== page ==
3 Interactive Tools for Nonfiction Reading

These 3 interactive tools are simple and effective for nonfiction reading comprehension. Use these strategies and resources in your elementary reading lessons to improve students' comprehension skills!

As soon as children begin school, nonfiction texts will be a part of their learning process. Whether you refer to this as informational, nonfiction, or expository text, there will be everything from textbooks to articles, essays to biographies, and so much in between. Readers have plenty of interesting topics they want to learn about, but sometimes informational texts can be overwhelming and difficult to tackle. So, we must allot time and tools to teach students explicitly how to understand nonfiction texts. In this blog post, I am going to cover 3 simple tools that will help your students improve their nonfiction comprehension skills.

Nonfiction Reading Strategies

These 3 interactive tools are simple and effective for nonfiction reading comprehension. Use these strategies and resources in your elementary reading lessons to improve students' comprehension skills!

Before getting to the interactive tools, we must talk about the “key concepts” for understanding nonfiction texts. Of course, for any texts, we want students to be able to ask questions and draw conclusions. We want them to be able to use context clues to determine the meaning of unknown words and draw connections. However, with nonfiction texts, there are 3 main skills that students can use to truly understand the content within the information.

  1. Main Idea & Key Details: Of course, nonfiction texts are full of information. It can be overwhelming for a reader to try and take it all in. Students should be able to identify the main idea of the text and the major details that support it.
  2. Text Structure: The way a text is “structured” or organized is also going to help readers understand the important information from a nonfiction text. Authors will set their texts up in a way that makes the information accessible and connected. Students who can identify these structures can more easily pull the important concepts from the text.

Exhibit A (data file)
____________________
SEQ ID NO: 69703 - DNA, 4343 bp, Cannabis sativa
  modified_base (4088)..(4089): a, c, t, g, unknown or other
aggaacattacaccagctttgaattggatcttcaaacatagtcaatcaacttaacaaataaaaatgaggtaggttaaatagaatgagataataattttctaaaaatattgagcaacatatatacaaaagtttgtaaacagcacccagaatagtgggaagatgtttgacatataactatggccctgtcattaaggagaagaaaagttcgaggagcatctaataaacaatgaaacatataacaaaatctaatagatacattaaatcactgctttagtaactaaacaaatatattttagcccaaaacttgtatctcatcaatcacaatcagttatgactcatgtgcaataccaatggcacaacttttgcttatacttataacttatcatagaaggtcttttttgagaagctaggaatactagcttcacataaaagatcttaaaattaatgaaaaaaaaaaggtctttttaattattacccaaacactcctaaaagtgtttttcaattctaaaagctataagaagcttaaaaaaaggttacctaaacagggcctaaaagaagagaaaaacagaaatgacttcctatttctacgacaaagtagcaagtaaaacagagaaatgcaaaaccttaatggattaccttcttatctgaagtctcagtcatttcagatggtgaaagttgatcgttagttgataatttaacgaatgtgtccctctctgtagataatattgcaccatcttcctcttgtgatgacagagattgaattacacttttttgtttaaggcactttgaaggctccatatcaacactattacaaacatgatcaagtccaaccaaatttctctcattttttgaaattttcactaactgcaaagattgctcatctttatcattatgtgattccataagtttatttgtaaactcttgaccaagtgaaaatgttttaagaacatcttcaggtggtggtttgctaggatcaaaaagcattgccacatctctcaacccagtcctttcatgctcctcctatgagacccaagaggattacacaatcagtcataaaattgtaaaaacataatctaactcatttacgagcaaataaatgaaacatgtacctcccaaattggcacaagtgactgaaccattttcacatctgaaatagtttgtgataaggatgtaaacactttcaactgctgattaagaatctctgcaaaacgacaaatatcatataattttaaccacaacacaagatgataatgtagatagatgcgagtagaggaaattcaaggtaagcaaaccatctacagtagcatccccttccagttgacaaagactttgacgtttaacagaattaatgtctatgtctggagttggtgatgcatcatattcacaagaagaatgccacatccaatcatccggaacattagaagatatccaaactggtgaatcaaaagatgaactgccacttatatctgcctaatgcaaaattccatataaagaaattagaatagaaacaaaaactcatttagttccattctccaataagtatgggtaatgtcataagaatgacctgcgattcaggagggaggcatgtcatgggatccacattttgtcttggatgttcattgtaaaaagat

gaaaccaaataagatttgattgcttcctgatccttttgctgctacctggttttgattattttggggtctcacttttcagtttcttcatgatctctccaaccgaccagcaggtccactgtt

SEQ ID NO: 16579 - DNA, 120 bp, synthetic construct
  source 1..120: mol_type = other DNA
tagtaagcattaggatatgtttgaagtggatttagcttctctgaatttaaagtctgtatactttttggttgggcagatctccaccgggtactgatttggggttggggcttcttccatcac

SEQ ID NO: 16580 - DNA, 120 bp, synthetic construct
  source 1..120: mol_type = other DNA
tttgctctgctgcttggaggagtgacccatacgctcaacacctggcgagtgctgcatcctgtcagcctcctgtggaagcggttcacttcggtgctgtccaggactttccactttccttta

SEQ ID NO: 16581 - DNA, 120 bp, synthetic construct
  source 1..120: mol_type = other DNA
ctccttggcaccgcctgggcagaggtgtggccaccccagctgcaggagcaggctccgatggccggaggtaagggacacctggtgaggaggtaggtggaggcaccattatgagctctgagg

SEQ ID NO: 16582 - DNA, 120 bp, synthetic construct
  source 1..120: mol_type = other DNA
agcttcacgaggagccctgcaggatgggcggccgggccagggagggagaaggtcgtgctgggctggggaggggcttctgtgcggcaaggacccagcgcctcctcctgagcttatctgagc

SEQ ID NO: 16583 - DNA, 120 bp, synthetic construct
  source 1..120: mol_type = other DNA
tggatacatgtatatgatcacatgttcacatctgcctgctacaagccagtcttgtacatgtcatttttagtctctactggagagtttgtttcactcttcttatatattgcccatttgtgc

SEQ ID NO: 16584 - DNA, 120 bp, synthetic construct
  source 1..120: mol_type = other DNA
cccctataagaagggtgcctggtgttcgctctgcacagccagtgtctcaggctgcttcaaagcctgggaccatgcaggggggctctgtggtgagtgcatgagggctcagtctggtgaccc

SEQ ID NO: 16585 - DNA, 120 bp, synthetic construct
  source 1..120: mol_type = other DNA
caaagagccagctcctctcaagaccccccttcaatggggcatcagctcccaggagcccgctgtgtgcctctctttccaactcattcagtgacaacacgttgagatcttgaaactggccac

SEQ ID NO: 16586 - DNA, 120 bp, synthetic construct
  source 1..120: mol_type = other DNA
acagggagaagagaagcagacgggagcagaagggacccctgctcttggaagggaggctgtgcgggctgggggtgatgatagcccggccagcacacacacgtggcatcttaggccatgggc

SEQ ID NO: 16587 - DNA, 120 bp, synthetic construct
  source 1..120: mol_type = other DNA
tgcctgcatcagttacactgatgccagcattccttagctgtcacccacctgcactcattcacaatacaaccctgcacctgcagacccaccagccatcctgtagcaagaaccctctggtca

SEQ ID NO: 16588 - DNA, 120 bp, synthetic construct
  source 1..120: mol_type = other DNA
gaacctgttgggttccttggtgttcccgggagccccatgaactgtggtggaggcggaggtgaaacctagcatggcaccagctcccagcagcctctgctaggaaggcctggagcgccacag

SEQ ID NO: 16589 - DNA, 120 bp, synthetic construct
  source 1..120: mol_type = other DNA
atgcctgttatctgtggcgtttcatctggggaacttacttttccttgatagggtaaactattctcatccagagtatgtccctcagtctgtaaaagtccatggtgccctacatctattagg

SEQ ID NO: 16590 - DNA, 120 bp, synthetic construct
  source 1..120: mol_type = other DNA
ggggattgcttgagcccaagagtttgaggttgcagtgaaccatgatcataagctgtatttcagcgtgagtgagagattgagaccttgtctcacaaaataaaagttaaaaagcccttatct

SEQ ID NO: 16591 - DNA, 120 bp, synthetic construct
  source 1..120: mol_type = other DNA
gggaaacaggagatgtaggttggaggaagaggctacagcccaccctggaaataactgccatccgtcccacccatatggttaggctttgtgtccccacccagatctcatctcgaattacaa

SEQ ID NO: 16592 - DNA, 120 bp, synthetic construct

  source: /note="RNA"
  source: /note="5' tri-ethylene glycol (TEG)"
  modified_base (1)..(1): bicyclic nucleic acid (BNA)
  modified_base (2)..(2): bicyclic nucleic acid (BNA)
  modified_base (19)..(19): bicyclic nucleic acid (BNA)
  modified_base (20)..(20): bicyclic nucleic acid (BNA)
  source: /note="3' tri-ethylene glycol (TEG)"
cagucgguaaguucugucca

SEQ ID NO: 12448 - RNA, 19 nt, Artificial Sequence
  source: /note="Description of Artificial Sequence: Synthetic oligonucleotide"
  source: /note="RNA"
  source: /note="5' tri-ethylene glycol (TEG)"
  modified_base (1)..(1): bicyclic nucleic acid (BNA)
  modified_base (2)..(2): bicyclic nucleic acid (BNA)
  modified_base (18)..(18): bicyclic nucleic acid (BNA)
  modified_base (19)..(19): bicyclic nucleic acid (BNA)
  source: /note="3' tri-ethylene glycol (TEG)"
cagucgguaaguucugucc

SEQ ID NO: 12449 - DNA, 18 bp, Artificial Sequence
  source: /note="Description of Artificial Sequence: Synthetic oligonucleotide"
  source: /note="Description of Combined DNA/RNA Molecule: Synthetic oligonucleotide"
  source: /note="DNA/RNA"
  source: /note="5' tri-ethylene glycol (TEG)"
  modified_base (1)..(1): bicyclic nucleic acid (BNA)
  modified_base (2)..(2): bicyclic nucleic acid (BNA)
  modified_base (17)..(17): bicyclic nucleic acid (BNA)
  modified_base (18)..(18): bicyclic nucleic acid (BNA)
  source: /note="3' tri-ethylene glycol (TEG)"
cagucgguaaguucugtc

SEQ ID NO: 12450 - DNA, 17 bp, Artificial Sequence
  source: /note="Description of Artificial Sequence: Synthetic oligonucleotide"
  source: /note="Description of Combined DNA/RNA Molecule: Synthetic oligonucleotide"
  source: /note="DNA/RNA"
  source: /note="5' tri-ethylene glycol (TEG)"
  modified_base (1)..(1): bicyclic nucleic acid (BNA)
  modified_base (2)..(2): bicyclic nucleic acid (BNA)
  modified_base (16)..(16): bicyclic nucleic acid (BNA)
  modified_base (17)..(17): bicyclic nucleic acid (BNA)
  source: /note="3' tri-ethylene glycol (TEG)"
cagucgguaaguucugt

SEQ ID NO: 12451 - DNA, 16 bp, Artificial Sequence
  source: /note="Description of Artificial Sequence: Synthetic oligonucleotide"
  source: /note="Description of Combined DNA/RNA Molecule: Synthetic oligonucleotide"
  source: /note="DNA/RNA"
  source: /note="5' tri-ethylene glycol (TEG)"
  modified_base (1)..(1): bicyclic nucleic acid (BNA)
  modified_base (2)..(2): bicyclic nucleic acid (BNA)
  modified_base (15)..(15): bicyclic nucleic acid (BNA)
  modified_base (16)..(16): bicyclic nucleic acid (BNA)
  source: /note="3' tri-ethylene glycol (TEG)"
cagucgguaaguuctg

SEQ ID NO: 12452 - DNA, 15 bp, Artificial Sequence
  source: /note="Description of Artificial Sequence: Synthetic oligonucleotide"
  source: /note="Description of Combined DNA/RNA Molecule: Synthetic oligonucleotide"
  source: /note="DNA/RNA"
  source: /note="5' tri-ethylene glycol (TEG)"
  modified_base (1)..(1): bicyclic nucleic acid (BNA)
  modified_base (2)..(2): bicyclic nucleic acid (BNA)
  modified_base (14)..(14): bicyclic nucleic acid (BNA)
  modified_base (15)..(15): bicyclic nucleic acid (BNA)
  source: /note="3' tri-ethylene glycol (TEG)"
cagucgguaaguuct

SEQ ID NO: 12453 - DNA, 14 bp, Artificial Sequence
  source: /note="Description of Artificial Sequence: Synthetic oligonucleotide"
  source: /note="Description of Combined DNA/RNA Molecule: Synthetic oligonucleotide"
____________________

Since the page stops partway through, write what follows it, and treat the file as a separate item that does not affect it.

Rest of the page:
3. Text Features: Lastly, are text features. Text features are many times used as tools of clarification for the reader. They provide visual aid and additional support to important parts of a text. Students should be able to use these features to strengthen their understanding of the concepts of the text.

If you’re looking for more information on teaching these nonfiction reading skills, I have blog posts on them linked at the bottom of this post. But, for now, let’s chat about these interactive tools that can really help your nonfiction readers!

Close Reading for Nonfiction Texts

Firstly, a great interactive tool for nonfiction readers is close reading skills. Teachers around the world have been introducing their students to close reading and annotation skills for years. This can be as simple or as in-depth as you’d like it to be. The main goal of close reading is to look at a text in detail and critically examine its content. Readers do this by studying the text’s words, ideas, structure, and language, as well as how they relate to the wider context. Close reading requires the reader to approach the text with an open mind and keep an inquiring eye out for further information that can help them draw more meaningful conclusions.

A Step-by-Step Guide to Close Reading

  1. Begin by previewing the text, and familiarize yourself with the title and topic. Many times this can include looking at the title, photographs, subheadings, and other text features to get a “gist” of what the text will be about. Students can set the stage in their minds for the content they are about to receive.
  2. Read the text closely, paying attention to words, concepts, and information.
    • Annotate- Take notes and jot down any questions you have about the text. Students will annotate the text as they are reading. Using a standard “annotation guide” or set of “annotation symbols” can help students create a familiar routine with this tool. Keep one on display in your classroom or print mini versions for your students to keep in their reading toolkits.
    • Unknown Words- Circle any unfamiliar vocabulary and phrases. Students will be able to refer back to unknown words and phrases, using context to determine their meaning and connection to the text.
  3. Re-read the text carefully, focusing this time on understanding the important information, vocabulary, and concepts. Include opportunities for students to complete specific vocabulary activities and answer text-dependent questions.
    • Vocabulary Activity- Add unknown vocabulary to a context clues journal or include a vocabulary printable as an interactive activity for these re-readings.
    • Text-Dependent Questions- Use a color-coding strategy for text-dependent questions. Students will highlight or underline each question in a different color. Then, when they located the information in the text that supports their answer, they will highlight or underline that in the same color as the question.